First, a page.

- – Image Issues: Risk of perception as a “bargain” brand.
- – Stock Stress: Popular deals can empty shelves or overload warehouses.
8.2. Navigating the Digital Twist
The digital wave has changed the game. Now, businesses can use online tools to fine-tune the Loss-Leader Strategy.
Online, SMEs can track their deals’ performance in real-time. They can tweak prices, ads, and stock levels on the fly. Plus, with social media’s power, a local deal can go global overnight.
But the online world is full, and customers can be hard to pin down. SMEs must make their deals stand out and truly resonate with shoppers.
The Loss-Leader Strategy is a powerful tool but not a magic wand. It demands brilliant planning, thoughtful execution and constant tuning. As the market changes, SMEs must be nimble and always aim to delight their customers.
1. What’s the main aim of the loss-leader strategy?
It is about luring customers with a bargain product, hoping they will buy more once they are in.
2. How do small businesses make up for loss-leader discounts?
They rely on customers buying other, pricier items once the discounted product draws them in.
3. Which industries benefit most from the loss-leader strategy?
Industries where customers often come back for more, like retail, online shopping, and hospitality.
4. How can businesses check if the loss-leader strategy fits well?
By analysing finances, checking potential for upselling, and monitoring profit impacts. Watching customer costs and their long-term value can also help.
5. How do you know if the loss-leader strategy is not panning?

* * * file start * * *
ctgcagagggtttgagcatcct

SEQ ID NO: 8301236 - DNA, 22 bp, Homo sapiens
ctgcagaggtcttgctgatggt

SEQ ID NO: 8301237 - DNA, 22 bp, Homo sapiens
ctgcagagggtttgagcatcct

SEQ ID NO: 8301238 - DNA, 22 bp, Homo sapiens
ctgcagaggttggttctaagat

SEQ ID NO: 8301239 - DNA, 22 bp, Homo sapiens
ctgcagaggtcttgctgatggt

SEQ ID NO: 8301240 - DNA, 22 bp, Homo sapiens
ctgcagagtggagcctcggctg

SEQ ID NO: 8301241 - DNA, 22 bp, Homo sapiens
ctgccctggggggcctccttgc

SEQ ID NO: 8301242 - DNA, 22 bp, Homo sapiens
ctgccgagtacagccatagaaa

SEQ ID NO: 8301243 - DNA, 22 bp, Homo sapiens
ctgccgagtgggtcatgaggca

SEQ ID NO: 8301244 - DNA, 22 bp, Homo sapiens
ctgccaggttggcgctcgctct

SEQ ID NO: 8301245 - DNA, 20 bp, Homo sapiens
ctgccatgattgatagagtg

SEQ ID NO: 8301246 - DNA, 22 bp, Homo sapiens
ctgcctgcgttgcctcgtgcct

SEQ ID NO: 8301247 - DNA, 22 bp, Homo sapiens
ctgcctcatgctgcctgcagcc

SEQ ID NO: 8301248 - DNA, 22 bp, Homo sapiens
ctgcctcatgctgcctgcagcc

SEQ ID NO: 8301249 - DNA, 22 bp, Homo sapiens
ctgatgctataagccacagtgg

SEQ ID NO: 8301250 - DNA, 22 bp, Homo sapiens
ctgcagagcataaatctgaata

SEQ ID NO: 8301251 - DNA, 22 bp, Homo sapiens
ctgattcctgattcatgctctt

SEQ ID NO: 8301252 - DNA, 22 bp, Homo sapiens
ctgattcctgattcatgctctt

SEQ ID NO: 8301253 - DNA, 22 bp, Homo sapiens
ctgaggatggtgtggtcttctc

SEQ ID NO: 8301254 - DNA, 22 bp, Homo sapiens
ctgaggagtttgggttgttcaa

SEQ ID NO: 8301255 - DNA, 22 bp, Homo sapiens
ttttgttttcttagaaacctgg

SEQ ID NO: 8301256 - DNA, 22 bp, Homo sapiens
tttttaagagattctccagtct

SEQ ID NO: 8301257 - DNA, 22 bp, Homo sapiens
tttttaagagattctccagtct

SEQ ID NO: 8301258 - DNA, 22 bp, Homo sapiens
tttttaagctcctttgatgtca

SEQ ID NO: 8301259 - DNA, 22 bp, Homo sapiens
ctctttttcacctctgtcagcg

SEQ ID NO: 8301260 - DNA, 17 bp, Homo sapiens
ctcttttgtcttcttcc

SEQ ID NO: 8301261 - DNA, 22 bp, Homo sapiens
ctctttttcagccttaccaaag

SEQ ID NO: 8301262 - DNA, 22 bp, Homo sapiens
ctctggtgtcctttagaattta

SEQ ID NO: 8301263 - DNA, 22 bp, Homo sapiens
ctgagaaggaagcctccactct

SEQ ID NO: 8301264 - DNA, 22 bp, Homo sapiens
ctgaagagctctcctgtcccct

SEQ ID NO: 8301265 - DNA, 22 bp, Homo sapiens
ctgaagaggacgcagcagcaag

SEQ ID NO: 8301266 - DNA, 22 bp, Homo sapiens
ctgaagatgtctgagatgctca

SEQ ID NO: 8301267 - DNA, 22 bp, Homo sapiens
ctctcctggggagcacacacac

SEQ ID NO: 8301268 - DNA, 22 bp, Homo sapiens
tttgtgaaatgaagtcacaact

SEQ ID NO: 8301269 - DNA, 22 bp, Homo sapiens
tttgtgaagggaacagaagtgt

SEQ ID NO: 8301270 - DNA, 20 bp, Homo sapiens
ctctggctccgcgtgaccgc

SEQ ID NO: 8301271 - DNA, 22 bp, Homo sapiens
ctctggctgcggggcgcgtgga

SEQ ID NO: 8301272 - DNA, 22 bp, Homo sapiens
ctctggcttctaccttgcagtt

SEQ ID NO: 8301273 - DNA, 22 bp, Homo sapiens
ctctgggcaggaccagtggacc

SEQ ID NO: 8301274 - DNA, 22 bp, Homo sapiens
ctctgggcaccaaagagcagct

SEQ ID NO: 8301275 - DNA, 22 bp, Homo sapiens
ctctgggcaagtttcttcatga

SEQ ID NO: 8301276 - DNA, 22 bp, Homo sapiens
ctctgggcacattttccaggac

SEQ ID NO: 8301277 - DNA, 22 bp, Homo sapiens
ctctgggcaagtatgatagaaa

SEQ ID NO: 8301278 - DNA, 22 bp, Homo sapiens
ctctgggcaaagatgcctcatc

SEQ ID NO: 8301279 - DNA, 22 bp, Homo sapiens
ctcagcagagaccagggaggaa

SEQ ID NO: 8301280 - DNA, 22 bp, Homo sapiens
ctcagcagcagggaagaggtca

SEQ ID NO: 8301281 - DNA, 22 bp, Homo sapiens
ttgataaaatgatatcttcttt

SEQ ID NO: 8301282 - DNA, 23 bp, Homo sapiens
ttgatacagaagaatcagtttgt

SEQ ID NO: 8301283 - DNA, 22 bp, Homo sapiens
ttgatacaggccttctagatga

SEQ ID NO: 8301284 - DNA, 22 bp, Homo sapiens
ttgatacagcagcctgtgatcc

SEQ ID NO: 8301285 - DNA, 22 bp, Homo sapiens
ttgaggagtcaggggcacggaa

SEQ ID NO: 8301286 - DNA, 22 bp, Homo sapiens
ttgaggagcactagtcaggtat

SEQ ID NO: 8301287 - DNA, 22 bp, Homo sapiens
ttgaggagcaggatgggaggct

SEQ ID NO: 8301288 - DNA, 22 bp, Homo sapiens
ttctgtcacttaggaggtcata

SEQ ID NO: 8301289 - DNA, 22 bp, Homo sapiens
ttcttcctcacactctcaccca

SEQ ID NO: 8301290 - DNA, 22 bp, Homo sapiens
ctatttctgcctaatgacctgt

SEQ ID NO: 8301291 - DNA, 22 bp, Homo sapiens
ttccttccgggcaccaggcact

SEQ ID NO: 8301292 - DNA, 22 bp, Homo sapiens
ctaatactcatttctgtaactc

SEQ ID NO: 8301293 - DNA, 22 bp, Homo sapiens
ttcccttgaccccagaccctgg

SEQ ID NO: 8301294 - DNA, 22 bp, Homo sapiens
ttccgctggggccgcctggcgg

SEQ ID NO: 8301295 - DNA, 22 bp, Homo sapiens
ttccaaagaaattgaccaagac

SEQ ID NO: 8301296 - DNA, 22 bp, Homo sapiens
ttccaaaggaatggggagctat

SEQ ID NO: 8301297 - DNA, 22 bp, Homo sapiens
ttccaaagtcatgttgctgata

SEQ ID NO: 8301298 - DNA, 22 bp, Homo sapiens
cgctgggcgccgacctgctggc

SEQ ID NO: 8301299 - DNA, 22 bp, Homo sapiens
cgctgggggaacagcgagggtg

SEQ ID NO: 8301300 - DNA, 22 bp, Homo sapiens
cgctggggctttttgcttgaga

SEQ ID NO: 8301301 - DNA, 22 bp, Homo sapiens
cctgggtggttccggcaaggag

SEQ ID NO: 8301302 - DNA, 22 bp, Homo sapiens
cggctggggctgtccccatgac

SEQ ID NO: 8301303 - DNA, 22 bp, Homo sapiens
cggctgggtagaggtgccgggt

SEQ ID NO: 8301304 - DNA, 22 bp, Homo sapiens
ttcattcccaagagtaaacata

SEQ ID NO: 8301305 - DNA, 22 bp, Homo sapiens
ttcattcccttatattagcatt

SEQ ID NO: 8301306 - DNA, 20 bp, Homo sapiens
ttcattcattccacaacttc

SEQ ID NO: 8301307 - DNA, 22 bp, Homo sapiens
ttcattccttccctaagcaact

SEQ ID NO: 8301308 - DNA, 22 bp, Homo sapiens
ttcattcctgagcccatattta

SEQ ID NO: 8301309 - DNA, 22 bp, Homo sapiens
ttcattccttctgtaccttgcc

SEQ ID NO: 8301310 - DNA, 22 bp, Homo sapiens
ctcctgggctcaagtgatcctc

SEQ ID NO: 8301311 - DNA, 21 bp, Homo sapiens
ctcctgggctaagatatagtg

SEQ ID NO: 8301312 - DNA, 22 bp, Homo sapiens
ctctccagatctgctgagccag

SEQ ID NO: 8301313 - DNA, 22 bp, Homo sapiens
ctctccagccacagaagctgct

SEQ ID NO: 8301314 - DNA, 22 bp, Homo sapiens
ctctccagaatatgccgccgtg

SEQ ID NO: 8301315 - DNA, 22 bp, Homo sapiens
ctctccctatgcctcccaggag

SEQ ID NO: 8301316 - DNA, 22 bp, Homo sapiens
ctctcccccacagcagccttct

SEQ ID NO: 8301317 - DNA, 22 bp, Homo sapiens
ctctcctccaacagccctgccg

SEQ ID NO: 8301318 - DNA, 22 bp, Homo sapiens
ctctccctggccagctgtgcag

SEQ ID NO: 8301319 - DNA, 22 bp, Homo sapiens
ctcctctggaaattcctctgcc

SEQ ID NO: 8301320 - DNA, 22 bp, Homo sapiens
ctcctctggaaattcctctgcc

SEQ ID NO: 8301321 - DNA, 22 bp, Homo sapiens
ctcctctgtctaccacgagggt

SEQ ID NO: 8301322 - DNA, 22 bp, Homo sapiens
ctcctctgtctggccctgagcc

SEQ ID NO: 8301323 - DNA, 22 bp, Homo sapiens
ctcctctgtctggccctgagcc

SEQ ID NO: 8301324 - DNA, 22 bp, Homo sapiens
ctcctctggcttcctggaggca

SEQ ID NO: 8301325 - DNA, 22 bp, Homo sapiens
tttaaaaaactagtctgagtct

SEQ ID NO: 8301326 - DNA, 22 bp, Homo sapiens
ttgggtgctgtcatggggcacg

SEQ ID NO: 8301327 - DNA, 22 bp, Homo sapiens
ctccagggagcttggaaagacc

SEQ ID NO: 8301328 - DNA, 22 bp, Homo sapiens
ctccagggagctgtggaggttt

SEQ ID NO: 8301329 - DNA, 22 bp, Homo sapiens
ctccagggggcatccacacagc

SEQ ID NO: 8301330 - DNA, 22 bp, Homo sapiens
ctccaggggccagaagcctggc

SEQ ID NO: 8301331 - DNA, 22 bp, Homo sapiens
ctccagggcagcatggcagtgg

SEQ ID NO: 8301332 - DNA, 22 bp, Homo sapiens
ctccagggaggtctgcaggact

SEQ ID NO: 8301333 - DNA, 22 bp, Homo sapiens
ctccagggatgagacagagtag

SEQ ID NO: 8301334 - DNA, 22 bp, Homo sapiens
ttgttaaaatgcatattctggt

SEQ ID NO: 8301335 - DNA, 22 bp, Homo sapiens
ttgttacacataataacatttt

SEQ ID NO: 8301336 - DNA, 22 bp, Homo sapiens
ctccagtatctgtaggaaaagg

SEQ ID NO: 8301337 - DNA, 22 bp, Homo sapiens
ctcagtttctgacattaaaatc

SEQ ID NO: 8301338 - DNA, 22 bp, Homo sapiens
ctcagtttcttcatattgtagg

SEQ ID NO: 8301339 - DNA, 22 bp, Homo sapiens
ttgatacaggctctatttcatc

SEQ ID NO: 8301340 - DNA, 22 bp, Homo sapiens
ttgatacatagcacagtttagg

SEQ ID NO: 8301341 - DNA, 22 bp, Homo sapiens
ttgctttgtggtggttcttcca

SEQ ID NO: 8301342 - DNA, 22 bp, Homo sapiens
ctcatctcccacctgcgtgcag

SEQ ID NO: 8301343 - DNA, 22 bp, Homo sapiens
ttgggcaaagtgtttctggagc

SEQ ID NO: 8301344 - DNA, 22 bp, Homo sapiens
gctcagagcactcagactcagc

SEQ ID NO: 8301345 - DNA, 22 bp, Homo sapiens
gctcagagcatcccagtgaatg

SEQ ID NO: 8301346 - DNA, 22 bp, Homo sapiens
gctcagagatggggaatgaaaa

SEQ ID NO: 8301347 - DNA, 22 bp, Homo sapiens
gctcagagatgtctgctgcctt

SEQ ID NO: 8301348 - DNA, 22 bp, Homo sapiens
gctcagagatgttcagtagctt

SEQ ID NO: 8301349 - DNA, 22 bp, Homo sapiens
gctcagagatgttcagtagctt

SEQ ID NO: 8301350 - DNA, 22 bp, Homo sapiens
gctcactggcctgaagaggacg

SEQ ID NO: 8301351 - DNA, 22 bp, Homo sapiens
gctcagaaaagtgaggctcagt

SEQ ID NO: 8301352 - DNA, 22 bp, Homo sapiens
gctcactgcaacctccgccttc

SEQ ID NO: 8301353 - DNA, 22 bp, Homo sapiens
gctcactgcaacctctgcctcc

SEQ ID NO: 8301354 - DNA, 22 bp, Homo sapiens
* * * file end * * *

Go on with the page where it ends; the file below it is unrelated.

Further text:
Red flags include:
- – Customers only buying the discounted item.
- – Dropping overall profits.
- – Customers viewing the brand as “cheap.”
- – Running out of stock due to high demand for the discounted product.
About the Author
Ajibola Jinadu is a Fellow of the Association of Chartered Certified Accountants (ACCA). He is also a Fellow and the Institute of Chartered Accountants of Nigeria. He obtained his Bachelor of Science in Applied Accounting from Oxford Brookes University, UK.
His professional experience includes an 8-year stint with Deloitte and 7 years as a CFO. He has collaborated with executive management to implement financial strategies. This helped in increasing the company’s flexibility and responsiveness to market changes.
Ajibola regularly contributes various business and finance publications on his website, myCFOng. He primarily writes about small business management and financial strategies. He is also a sought-after speaker at industry conferences. Ajibola often discusses agility and flexibility in small businesses’ financial planning.